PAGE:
Top 20 translated sci-fi novels in China in 2014

 

The Publishers Weekly published an article on May 22 about the prominent presence of China in 2015 BookExpo America (BEA). Particularly newsworthy were two items linked from this article – Joel Martinsen’s “Chinese SF Blasts Off” and Ken Liu’s “Coming to America: Liu Cixin”.

As Liu Cixin’s The Three Body Problem was recently nominated for the Hugo Awards, it is now well known that Ken Liu is the translator of this book, originally titled “Remembrance of Earth’s Past”, which was published by Tor Books in 2014. Martinsen is the translator of The Dark Forest, the second book in the Three Body trilogy, while Eric Abrahamsen handles the translation of the third and final book, Death’s End.

As Martinsen points out in “Chinese SF Blasts Off”, science fiction has gone mainstream in China in recent years and is mainly driven by short stories. More importantly, while various talented writers are increasingly attracting the attention of readers in China and publishers in the West, local SF is still far outnumbered by translations.

According to Chinese SF writer Bao Shu (Phenixus), a total of 74 science fiction titles were translated and published in China in 2014. Among them, some 50 were newly introduced, i.e. genuine SF titles that are neither “children’s literature” nor works of “popular science”; they are not re-translations of existing publications, either.

Bao Shu lists the following 20 titles as the most worthy of recommendation to Chinese readers. While these reflect only one (very well read) Chinese SF writer’s literary taste, they shed some light on the kind of English and Japanese SF titles in which Chinese publishers are interested. They may also inspire SF writers in the West into exploring some of the subjects and themes that are attractive to Chinese readers.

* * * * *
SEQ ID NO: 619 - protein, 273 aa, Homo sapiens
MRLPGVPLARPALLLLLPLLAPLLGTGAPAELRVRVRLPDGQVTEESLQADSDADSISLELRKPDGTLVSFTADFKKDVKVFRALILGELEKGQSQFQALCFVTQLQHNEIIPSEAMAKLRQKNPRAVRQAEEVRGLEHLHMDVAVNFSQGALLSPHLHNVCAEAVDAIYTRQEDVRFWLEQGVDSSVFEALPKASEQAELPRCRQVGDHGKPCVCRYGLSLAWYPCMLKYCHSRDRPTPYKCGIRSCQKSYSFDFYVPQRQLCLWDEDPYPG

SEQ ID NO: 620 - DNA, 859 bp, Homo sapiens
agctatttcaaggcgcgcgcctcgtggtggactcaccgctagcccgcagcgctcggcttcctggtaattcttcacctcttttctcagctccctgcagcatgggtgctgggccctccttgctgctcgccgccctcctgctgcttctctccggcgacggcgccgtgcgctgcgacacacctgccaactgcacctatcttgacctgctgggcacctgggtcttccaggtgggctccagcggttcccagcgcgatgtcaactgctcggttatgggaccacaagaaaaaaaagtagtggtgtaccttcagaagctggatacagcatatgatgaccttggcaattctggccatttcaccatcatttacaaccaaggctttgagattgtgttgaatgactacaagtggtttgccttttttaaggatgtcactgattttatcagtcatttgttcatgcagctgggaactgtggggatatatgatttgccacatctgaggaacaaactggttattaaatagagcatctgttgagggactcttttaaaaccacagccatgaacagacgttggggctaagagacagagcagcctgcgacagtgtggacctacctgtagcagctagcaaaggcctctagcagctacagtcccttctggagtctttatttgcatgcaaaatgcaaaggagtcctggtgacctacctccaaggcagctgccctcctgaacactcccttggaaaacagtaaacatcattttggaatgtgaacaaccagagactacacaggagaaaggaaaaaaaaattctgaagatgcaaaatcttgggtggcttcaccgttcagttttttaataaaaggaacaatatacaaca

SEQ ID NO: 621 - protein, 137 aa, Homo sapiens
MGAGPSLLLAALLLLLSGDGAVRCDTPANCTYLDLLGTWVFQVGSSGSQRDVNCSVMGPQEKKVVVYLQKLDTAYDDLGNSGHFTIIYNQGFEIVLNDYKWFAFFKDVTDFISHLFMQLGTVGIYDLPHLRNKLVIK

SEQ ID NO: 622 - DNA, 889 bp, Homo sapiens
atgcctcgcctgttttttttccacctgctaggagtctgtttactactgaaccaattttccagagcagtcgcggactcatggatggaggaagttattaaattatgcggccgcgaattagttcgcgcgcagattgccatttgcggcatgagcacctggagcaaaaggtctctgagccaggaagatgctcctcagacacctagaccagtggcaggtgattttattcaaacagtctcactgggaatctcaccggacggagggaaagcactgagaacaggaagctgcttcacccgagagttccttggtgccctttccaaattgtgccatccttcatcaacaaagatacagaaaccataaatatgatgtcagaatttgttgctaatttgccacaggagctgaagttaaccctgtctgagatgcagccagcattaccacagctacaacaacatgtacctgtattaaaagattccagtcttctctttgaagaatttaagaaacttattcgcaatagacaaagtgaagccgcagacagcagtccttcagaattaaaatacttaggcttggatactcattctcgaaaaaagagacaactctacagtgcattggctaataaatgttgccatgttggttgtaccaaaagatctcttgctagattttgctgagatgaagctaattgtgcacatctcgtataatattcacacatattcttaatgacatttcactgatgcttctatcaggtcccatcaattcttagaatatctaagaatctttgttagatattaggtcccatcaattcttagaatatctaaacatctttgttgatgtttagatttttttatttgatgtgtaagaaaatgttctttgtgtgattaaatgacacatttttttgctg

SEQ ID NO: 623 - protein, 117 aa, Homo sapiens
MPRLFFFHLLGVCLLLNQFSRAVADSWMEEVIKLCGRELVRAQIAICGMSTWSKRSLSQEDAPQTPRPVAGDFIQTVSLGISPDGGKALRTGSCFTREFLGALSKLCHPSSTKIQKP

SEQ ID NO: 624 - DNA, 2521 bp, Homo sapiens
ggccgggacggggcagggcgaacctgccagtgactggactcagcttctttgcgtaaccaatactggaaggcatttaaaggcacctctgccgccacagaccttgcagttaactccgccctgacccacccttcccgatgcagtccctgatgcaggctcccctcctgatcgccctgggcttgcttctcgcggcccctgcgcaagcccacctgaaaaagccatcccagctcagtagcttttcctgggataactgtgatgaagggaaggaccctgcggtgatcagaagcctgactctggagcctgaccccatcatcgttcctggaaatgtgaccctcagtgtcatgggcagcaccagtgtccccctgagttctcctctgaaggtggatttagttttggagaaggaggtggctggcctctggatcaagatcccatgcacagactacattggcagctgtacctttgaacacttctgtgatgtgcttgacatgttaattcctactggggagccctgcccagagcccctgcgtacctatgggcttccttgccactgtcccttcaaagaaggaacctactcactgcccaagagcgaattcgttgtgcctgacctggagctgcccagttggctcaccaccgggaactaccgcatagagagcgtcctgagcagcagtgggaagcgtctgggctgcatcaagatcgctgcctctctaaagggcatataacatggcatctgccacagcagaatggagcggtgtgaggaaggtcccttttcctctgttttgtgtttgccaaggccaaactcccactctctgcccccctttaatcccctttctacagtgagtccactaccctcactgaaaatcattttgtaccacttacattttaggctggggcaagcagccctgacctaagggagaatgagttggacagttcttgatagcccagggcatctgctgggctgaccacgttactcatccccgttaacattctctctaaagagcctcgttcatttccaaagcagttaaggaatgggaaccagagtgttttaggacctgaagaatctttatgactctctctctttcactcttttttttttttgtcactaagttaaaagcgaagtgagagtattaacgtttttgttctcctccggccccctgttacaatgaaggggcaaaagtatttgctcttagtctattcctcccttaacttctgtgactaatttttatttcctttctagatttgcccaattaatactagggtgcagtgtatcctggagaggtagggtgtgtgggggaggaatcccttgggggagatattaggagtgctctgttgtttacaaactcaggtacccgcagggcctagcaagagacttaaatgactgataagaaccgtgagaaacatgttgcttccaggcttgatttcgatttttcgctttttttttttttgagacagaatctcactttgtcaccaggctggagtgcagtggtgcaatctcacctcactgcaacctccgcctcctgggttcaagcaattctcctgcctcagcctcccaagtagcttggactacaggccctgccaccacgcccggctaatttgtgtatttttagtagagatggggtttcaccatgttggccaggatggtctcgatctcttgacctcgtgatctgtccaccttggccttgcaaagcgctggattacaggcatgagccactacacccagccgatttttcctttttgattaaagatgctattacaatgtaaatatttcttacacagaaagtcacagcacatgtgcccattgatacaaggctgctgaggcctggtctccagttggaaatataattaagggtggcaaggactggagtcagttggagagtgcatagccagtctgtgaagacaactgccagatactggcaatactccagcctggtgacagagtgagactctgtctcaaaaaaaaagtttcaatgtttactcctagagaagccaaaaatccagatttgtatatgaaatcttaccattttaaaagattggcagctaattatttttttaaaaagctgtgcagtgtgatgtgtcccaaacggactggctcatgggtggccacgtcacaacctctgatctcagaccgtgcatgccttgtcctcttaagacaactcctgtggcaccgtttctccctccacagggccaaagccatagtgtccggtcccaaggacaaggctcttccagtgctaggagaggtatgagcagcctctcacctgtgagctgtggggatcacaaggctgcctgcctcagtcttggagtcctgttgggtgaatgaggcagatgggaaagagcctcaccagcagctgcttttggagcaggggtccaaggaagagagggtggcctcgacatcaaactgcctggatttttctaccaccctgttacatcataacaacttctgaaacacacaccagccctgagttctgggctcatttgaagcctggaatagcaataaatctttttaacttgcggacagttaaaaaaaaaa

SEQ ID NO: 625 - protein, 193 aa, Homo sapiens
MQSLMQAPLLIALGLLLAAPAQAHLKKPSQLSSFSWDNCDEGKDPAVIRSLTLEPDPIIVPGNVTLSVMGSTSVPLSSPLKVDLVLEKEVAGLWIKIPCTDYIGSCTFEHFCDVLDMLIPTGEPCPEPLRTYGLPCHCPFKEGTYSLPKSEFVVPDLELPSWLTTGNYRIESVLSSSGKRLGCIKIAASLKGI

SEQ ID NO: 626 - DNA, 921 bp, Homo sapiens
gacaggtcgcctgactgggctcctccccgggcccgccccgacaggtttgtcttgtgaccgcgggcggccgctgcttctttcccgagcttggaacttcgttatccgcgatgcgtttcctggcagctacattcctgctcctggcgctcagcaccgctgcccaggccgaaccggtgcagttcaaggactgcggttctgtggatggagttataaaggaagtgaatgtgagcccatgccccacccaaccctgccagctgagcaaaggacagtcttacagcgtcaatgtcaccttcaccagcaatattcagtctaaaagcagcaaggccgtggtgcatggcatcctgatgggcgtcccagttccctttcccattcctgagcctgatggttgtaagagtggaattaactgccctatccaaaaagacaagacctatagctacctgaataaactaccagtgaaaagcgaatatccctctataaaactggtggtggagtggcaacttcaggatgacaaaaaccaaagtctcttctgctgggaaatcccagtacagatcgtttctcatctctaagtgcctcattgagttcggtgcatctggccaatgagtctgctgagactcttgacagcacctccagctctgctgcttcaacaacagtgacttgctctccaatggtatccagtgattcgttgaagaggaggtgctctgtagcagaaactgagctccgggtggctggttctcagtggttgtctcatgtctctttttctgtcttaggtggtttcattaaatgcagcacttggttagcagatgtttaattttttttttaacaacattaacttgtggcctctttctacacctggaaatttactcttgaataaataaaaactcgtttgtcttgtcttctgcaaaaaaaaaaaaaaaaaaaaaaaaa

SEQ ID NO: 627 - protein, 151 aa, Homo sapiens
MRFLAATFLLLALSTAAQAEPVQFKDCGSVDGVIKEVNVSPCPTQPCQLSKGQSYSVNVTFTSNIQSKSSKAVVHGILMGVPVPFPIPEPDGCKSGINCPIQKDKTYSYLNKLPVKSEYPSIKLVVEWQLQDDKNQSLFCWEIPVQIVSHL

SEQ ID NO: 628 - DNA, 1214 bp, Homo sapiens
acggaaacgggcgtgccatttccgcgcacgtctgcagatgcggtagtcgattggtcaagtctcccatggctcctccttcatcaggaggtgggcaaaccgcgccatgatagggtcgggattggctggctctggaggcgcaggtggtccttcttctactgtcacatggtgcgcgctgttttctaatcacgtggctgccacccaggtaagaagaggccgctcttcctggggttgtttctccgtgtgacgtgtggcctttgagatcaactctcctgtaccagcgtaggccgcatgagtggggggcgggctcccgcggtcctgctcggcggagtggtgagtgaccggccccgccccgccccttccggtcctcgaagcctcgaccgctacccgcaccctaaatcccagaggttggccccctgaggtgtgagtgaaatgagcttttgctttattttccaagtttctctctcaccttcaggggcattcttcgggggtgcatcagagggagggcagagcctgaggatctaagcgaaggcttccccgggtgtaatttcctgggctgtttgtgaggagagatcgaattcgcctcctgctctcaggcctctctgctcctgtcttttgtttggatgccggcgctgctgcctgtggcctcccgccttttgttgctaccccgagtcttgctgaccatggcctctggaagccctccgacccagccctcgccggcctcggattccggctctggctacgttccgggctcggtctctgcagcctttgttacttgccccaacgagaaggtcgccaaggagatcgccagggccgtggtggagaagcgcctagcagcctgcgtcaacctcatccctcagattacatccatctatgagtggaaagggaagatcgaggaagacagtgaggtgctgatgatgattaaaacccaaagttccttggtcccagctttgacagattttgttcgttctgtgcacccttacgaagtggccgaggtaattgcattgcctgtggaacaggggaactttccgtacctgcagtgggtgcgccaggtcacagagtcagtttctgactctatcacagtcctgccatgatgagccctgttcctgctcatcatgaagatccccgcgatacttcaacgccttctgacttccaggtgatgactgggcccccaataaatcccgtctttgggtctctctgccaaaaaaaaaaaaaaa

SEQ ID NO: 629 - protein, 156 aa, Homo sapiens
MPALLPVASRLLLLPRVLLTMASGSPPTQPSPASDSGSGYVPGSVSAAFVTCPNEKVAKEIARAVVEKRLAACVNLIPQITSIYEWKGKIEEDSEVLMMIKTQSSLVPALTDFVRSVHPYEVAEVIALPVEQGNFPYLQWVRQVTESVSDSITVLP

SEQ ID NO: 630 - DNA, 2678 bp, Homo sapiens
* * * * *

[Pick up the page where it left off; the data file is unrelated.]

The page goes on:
No.20: The Lord of the Sands of Time (2009) by Japanese author Issu Ogawa

LordTimeSand

No.19: Genocide of One (2011) by Japanese author Kazuaki Takano

GenocideOne

No.18: Eon (Book 1 of The Way trilogy) (1985) by Greg Bear

Eon

No.17: Redshirts (2012) by John Scalzi

RedShirts

No.16: Ada (1994) by Japanese author Masaki Yamada

Ada

No.15: Ship Breaker (2010) by Paolo Bacigalupi

ShipBreaker

No.14: Biogenesis and Other Stories (2008) by Japanese author Tatsuaki Ishiguro

Biogenesis

No.13: Coyote: A Novel of Interstellar Exploration (2002) by Allen Steele

Coyote

No.12: Genocidal Organ (2007) and Harmony (2010) by Japanese author Project Itoh

GenocidalOrgan

No.11: The Unincorporated Man (2009) by Dani Kollin and Eytan Kollin

UnincorporatedMan

No.10: Mortal Engines (2001), Predator’s Gold (2003) and Internal Devices (2005) by Philip Reeve

MortalEngine

No.9: Endymion (1996) and The Rise of Endymion (1997) by Dan Simmons

Endymion

No.8: The Shape of Thought and Others (2014) by Ken Liu

ShapeOfThought

No.7: Idoru (1996) by William Gibson

Idoru

No.6: 11/22/63 (2011) by Stephen King

112263

No.5: Ready Player One (2011) by Ernest Cline

ReadyPlayerOne

No.4: Blood Music (1985) by Greg Bear

BloodMusic

No.3: Across the Universe (2011), A Million Suns (2012) and Shades of Earth (2013) by Beth Revis

AcrossUniverse

No.2: From the New World (2008) by Japanese author Yusuke Kishi

FromNewWorld

No.1: The End of Eternity (1955) by Isaac Asimov

EndOfEternity

Please note that Ken Liu’s The Shape of Thought and Others is a collection of translated short stories produced by a Chinese publisher, i.e. it is not a collection written in English and later translated into Chinese. Also, regarding Stephen King’s 11/22/63, it was widely reported in Chinese media in September 2014, when the Simplified Chinese edition was published, that there are plenty of mistakes in the translation. In his writing, Bao Shu indicates that he has read the English edition.

 

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